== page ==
This week our main discussion will focus on explaining and evaluating the deontological ethical theory as discussed in Chapter 4 of the textbook. Your instructor will be choosing the discussion question and posting it as the first post in the main discussion forum. The requirements for the discussion this week include the following:
- The total combined word count for all of your posts, counted together, should be at least 600 words, not including references.
- You must answer all the questions in the prompt and show evidence of having read the resources that are required to complete the discussion properly (such as by using quotes, referring to specific points made in the text, etc.).
Discussion: Applying the Categorical Imperative
To ensure that your initial post starts its own unique thread, do not reply to this post. Instead, please click the “Reply” link above this post.
Please carefully read and think about the entire prompt before composing your first post. This discussion will require you to have carefully read Chapter 4 of the textbook, as well as the assigned portions of Immanuel Kant’s (2008) Groundwork for the Metaphysics of Morals.
Thames, B. (2018). How should one live? An introduction to ethics and moral reasoning (3rd ed.). Retrieved from https://content.ashford.edu
- This text is a Constellation™ course digital materials (CDM) title.
Kant’s text and the textbook discuss two “formulations” or ways of expressing Kant’s Categorical Imperative, the “Formula of Universal Law” and the “Formula of Humanity.” These two principles go together, for the full context of the categorical imperative. They only make full sense when combined. See the announcement this week for more on Kant and his system of philosophy.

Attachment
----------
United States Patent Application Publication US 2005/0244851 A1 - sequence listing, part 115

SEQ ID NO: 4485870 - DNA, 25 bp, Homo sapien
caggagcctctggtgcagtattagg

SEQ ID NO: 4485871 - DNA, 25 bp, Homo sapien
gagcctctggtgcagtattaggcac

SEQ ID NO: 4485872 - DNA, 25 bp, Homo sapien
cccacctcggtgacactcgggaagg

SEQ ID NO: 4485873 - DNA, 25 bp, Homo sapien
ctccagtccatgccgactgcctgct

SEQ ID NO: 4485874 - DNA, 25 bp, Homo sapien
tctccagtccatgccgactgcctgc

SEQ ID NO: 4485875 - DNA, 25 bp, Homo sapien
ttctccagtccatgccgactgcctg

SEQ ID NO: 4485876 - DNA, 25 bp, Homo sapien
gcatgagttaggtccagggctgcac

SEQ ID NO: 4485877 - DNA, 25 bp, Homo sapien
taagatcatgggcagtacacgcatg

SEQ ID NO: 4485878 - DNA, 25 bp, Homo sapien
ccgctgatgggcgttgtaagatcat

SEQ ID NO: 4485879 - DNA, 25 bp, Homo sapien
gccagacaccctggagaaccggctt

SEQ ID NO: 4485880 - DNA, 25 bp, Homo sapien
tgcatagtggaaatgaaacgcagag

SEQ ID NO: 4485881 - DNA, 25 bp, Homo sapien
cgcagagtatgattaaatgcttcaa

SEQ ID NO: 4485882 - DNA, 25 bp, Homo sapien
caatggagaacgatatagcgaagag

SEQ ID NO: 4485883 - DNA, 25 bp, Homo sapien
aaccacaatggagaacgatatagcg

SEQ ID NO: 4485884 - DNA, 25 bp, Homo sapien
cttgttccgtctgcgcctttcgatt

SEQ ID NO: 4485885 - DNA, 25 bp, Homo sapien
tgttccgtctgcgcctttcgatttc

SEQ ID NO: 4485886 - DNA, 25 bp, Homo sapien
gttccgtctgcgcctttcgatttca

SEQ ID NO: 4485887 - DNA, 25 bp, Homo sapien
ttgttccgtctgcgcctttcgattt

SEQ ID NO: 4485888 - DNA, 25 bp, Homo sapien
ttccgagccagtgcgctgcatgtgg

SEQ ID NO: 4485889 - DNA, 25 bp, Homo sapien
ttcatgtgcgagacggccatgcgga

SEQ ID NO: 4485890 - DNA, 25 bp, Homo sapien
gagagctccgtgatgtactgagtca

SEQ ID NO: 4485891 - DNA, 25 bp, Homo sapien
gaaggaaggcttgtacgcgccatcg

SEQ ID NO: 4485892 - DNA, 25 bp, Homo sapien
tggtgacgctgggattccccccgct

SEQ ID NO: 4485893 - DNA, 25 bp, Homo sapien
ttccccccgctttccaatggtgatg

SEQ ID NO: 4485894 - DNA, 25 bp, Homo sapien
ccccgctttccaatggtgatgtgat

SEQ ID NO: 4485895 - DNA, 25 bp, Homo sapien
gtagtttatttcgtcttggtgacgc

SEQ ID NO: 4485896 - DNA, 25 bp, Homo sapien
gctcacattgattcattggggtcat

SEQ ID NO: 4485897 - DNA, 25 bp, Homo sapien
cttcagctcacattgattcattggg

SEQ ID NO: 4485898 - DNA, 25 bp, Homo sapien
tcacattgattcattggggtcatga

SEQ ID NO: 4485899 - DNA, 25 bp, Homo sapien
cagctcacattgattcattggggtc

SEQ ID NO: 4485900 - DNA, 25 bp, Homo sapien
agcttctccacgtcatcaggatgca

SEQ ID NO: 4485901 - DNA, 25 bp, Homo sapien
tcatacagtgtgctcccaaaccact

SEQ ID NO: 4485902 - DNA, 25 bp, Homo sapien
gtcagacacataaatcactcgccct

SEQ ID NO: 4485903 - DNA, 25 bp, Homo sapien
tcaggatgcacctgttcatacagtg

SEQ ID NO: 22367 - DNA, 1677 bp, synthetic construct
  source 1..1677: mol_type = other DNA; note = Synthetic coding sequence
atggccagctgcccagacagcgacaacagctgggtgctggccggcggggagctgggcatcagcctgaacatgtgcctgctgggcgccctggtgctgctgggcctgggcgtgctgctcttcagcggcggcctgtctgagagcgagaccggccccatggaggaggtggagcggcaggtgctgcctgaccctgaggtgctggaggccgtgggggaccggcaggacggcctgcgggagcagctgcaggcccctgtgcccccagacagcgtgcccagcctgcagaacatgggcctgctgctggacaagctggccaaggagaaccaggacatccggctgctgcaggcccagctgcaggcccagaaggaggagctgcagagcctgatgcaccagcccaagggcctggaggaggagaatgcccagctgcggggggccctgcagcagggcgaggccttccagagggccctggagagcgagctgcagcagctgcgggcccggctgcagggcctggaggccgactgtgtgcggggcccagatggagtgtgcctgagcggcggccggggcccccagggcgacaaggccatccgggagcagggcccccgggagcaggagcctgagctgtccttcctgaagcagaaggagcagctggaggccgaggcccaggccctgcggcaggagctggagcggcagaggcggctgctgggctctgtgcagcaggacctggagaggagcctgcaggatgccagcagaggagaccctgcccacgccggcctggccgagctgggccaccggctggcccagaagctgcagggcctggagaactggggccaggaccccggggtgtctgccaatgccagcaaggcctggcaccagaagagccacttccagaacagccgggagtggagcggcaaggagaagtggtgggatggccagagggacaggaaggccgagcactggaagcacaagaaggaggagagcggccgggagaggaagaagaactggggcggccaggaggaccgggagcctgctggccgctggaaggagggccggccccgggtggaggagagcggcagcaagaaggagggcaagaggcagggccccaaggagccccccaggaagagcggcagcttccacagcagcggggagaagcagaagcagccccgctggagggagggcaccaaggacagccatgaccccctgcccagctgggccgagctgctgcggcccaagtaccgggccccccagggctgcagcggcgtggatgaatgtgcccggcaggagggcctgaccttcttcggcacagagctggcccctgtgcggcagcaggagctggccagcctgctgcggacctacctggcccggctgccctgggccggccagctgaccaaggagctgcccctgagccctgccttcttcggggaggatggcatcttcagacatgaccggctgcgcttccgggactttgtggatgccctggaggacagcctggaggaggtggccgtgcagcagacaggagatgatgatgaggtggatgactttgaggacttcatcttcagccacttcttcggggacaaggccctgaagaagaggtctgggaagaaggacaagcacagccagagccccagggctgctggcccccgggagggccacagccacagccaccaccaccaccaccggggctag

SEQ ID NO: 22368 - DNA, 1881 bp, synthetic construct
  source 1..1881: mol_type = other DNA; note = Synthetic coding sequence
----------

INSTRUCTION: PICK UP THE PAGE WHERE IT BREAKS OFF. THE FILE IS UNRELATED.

For each formula, Kant considers four test cases to explain how it applies: Suicide, False Promises, Cultivating One’s Talents, and Beneficence.
- Engage with the text:
Choose one of these test cases (it can be from either formula), and explain in your own words the reasoning that leads to the conclusion Kant defends. You should first explain the Categorical Imperative itself, focusing on the particular formula you are considering, and then carefully show how that principle leads to a particular conclusion.
- Reflect on the theories:
Would a utilitarian come to a different conclusion? If so, explain why. If a utilitarian would come to the same conclusion in this case, could there be a variation in the case that would lead the utilitarian and Kant to come to different conclusions?
- Reflect on yourself:
Do you agree with Kant’s conclusion? If not, explain the flaws in his reasoning. If you do agree, and you think a utilitarian would come to a different conclusion in this or a slightly varied case, why do you think that Kant’s reasoning is superior to the utilitarian’s? (You may want to consult section 4.3, “Challenges to Kant’s Theory” for help with this section).
- Discuss with your peers:
Consider whether your peers have provided different analyses and/or responses than you did (or would, if it’s a different topic). If it is, raise some questions about their view that could lead to good discussion about your differences. If your responses were similar, think about a problem or worry that could be raised about your views, and discuss with your peer how to address it.